Antioxidants are compounds with a high added value and their qualities are valued by industry actors positioned on the area of health prevention (cosmetics, pharmaceuticals, agro-foods). The term « antioxidants » is used for a wide range of substances (more than 5,000 for the sole family of polyphenols) that fight against oxidative stress, reducing free radical concentration by diverse mechanisms interfering with the redox status of the cells.
In terms of scientific approach, research on the antioxidants effects at the cell level remains complex and the understanding of their interference with oxidative stress in the human body only partially explained.
Moreover, traditional chemical tests such as ORAC, TRAP, FRAP, TEAC, FOX, … deployed for decades do not inform about the physiological functions of antioxidants. These assays have been discredited for years and strongly discouraged by the main health monitoring authorities, in Europe (see for example EFSA’s opinion : http://onlinelibrary.wiley.com/doi/10.2903/j.efsa.2018.5136/epdf) qu’américain (https://www.ars.usda.gov/northeast-area/beltsville-md-bhnrc/beltsville-human-nutrition-research-center/nutrient-data-laboratory/docs/oxygen-radical-absorbance-capacity-orac-of-selected-foods-release-2-2010/).
Then, the study of antioxidant effects on live cell models currently represents the most advanced approach for demonstrating antioxidant physiological effects. Fluorescent biosensors indicative of the oxidative stress level generated within the cell represent the most common bench tools used today but they are costly, scarce, non-standardized, limited in their throughput and reflect oxidative but not antioxidative status of the cells. Indeed, they stay confined into academic laboratories.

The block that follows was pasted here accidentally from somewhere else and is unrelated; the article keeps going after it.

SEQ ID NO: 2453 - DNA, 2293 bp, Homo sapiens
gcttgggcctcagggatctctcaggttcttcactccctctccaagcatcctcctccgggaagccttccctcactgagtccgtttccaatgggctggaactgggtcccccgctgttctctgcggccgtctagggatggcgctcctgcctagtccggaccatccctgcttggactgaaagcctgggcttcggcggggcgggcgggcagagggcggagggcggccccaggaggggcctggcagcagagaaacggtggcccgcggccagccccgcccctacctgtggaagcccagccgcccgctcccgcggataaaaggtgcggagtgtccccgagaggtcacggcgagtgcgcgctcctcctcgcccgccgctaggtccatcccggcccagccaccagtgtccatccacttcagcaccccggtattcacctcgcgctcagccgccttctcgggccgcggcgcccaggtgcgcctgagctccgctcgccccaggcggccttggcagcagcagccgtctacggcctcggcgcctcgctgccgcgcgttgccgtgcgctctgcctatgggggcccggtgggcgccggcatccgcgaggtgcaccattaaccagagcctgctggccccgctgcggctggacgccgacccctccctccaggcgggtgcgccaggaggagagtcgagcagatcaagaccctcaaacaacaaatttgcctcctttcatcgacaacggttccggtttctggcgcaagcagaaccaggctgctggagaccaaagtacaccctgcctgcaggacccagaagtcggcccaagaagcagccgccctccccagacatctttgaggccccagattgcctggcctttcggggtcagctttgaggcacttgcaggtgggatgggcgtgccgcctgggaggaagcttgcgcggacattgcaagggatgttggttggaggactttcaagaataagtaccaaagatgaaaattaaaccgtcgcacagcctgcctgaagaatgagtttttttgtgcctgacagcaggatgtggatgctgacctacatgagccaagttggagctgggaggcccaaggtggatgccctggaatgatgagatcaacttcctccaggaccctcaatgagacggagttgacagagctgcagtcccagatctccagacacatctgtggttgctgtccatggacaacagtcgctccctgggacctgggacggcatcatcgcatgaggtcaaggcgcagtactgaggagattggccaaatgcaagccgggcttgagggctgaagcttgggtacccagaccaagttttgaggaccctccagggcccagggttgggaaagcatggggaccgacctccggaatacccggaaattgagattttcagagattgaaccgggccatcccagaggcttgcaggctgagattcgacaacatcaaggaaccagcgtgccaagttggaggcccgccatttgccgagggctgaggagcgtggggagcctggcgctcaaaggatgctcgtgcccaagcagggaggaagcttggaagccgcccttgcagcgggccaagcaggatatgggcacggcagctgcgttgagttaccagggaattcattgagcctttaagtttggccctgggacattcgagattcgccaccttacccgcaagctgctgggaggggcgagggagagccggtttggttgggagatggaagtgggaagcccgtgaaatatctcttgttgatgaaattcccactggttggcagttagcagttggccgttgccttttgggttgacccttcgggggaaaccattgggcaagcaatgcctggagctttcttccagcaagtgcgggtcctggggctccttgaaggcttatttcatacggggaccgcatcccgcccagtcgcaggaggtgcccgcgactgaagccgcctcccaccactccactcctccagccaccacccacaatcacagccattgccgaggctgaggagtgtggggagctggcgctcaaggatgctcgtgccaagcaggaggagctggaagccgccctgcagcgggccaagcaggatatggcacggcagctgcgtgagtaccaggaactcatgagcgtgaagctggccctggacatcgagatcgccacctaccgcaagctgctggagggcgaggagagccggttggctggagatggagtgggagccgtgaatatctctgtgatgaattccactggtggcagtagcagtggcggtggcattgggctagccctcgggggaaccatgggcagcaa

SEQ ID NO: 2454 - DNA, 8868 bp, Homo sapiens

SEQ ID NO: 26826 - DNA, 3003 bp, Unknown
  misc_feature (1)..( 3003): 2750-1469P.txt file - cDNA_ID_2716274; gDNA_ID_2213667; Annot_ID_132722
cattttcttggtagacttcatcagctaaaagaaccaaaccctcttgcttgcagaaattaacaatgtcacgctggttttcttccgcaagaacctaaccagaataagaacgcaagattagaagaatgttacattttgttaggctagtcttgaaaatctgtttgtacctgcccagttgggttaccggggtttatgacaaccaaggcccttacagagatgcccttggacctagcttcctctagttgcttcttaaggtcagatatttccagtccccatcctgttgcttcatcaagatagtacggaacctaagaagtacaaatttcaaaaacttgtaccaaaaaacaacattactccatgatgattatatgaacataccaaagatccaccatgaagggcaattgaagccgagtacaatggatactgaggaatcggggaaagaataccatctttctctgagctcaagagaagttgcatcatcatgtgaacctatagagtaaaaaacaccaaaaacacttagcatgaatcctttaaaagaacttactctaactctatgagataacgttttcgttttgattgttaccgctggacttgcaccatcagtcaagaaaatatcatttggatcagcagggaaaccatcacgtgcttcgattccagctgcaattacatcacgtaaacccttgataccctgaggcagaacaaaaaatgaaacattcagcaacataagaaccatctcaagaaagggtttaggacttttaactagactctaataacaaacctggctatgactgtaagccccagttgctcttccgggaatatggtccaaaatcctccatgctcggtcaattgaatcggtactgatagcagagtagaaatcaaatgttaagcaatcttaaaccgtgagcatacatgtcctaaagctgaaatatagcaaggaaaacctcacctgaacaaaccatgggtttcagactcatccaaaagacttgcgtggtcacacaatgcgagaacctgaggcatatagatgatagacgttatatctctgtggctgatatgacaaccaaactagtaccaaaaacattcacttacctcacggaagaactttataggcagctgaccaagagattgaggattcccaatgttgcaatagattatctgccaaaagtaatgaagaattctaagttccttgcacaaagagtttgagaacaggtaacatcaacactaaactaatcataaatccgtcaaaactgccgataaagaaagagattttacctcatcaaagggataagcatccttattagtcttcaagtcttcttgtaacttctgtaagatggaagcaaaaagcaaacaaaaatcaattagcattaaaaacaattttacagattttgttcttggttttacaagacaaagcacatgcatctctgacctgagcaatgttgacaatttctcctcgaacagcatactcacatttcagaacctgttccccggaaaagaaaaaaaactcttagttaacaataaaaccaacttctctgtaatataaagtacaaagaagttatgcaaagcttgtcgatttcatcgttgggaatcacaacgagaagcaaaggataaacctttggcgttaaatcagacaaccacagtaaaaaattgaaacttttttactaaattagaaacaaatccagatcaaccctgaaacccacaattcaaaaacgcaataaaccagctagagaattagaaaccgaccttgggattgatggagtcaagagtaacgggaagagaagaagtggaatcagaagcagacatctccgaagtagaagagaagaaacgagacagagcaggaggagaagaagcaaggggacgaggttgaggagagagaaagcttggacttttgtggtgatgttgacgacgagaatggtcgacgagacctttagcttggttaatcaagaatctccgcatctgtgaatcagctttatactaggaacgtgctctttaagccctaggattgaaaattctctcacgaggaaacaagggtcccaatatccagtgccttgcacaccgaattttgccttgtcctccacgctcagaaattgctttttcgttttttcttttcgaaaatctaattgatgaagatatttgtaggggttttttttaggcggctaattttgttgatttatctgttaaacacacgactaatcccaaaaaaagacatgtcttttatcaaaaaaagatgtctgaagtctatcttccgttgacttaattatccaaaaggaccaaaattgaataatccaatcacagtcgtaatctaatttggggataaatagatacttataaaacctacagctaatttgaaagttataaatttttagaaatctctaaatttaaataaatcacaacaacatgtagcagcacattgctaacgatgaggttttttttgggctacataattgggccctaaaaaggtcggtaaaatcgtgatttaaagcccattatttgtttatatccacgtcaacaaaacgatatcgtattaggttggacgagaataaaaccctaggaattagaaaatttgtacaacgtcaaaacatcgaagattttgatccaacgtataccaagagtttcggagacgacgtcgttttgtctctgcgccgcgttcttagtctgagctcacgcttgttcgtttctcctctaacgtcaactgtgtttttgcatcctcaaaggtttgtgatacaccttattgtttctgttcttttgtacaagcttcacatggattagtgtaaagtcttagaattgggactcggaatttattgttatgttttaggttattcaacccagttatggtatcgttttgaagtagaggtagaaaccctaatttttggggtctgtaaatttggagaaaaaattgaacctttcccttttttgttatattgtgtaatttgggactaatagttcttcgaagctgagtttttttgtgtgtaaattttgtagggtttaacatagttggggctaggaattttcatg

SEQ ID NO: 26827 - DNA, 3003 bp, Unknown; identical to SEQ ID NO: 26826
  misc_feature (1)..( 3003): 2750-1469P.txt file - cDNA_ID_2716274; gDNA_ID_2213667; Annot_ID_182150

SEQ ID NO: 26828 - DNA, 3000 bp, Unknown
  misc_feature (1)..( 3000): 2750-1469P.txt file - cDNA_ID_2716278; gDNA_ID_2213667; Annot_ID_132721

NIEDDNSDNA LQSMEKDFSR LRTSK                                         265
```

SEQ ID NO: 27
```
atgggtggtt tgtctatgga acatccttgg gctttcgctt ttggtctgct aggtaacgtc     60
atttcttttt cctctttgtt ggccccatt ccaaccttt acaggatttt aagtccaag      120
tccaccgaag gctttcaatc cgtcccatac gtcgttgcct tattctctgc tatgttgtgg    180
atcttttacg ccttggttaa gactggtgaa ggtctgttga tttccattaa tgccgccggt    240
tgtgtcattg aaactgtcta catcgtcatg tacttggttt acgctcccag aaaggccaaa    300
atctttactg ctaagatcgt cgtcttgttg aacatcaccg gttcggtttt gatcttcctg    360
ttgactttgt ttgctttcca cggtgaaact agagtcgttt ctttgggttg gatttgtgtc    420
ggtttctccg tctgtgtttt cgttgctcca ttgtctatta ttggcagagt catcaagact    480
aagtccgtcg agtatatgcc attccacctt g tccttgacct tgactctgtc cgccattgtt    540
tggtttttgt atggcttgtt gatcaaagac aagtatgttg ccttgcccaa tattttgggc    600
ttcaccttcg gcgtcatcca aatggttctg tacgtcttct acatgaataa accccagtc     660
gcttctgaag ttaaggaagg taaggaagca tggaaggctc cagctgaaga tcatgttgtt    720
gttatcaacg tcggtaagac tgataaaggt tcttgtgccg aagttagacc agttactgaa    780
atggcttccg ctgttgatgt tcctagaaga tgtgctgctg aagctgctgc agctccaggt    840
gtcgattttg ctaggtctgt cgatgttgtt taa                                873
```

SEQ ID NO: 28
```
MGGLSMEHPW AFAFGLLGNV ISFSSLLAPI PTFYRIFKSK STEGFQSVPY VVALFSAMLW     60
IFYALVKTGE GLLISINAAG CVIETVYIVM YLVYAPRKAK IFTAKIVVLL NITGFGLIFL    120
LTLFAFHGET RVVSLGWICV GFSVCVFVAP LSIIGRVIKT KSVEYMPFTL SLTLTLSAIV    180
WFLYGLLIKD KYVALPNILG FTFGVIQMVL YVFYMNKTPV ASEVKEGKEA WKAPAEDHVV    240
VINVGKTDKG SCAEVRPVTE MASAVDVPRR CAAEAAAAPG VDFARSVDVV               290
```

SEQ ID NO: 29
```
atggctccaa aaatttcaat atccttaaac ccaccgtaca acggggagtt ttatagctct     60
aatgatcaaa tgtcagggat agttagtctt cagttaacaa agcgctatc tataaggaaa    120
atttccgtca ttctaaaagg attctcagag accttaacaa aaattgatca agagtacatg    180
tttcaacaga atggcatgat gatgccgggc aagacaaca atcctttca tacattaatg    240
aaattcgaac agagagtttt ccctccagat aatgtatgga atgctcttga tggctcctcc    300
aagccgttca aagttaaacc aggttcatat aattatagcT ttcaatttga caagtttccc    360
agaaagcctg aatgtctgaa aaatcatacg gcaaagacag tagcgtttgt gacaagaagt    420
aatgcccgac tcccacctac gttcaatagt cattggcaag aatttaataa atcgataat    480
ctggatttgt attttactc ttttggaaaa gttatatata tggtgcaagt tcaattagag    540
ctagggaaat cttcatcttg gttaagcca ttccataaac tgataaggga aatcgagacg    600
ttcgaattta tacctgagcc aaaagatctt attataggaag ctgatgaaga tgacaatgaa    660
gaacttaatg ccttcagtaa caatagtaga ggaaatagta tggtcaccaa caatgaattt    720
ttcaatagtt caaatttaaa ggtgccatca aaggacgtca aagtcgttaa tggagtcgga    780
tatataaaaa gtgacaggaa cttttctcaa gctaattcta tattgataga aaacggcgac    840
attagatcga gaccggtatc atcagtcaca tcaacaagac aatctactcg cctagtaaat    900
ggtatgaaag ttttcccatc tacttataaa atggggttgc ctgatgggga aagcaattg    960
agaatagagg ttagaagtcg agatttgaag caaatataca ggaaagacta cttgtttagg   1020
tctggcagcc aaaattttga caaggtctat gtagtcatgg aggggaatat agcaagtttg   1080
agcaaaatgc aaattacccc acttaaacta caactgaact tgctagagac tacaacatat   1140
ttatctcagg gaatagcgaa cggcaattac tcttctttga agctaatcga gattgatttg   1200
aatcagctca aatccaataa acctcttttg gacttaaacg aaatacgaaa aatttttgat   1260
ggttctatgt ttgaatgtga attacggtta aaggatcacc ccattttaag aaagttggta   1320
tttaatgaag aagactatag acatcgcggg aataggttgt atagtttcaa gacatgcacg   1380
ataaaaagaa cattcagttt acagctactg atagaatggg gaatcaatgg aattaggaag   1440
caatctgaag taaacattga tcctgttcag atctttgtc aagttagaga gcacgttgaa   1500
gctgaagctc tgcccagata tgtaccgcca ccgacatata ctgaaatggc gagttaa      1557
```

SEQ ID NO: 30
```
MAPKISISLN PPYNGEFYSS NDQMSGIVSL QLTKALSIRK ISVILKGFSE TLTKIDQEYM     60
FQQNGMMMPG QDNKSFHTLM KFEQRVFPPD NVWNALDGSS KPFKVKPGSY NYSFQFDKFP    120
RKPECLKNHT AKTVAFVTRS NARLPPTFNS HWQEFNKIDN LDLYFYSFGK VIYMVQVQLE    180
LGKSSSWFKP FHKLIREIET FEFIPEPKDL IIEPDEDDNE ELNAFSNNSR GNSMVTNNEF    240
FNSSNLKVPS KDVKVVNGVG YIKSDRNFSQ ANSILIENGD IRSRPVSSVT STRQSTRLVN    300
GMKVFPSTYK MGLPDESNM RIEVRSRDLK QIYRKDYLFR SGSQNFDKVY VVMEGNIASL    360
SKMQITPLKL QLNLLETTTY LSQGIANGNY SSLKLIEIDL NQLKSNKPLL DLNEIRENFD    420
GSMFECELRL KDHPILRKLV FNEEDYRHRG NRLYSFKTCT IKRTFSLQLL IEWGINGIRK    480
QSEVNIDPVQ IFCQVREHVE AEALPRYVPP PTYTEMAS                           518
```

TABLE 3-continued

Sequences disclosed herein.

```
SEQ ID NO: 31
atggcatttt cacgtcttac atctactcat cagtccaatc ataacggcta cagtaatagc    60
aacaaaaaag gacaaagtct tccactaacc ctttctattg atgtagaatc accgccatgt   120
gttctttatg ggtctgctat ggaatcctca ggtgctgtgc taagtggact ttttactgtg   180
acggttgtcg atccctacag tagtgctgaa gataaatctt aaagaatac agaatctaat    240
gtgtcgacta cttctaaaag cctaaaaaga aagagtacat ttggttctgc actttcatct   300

AOP’s mission is to provide the industry with a technology that is simple, standardized and high throughput ensuring demonstration antioxidant effects on live cell models of any type. The patented technology, named LUCS (for Light Up Cell System) recently received an international acknowledgement by the international peer-reviewed and well-recognized Nature journal which published cell mechanism involved in LUCS in its online version (Scientific Reports) on December 22nd, 2017 (https://www.nature.com/articles/s41598-017-18211-2.pdf)
On the back of this reference, AOP also intends to develop novel innovative cell-based tests giving more useful information on sample antioxidant effects within cells. AOP’s R&D is currently focused on:
- Cellular pathways that drive the natural cell defence in response to oxidative stress (i.e. Nrf2/ARE transcription pathway)
- Bioavailability of antioxidants in human intestinal cells (i.e. CaCo2 cells)
- Simulation of digestive tract
- Hormesis effects (induced by polyphenols, for instance)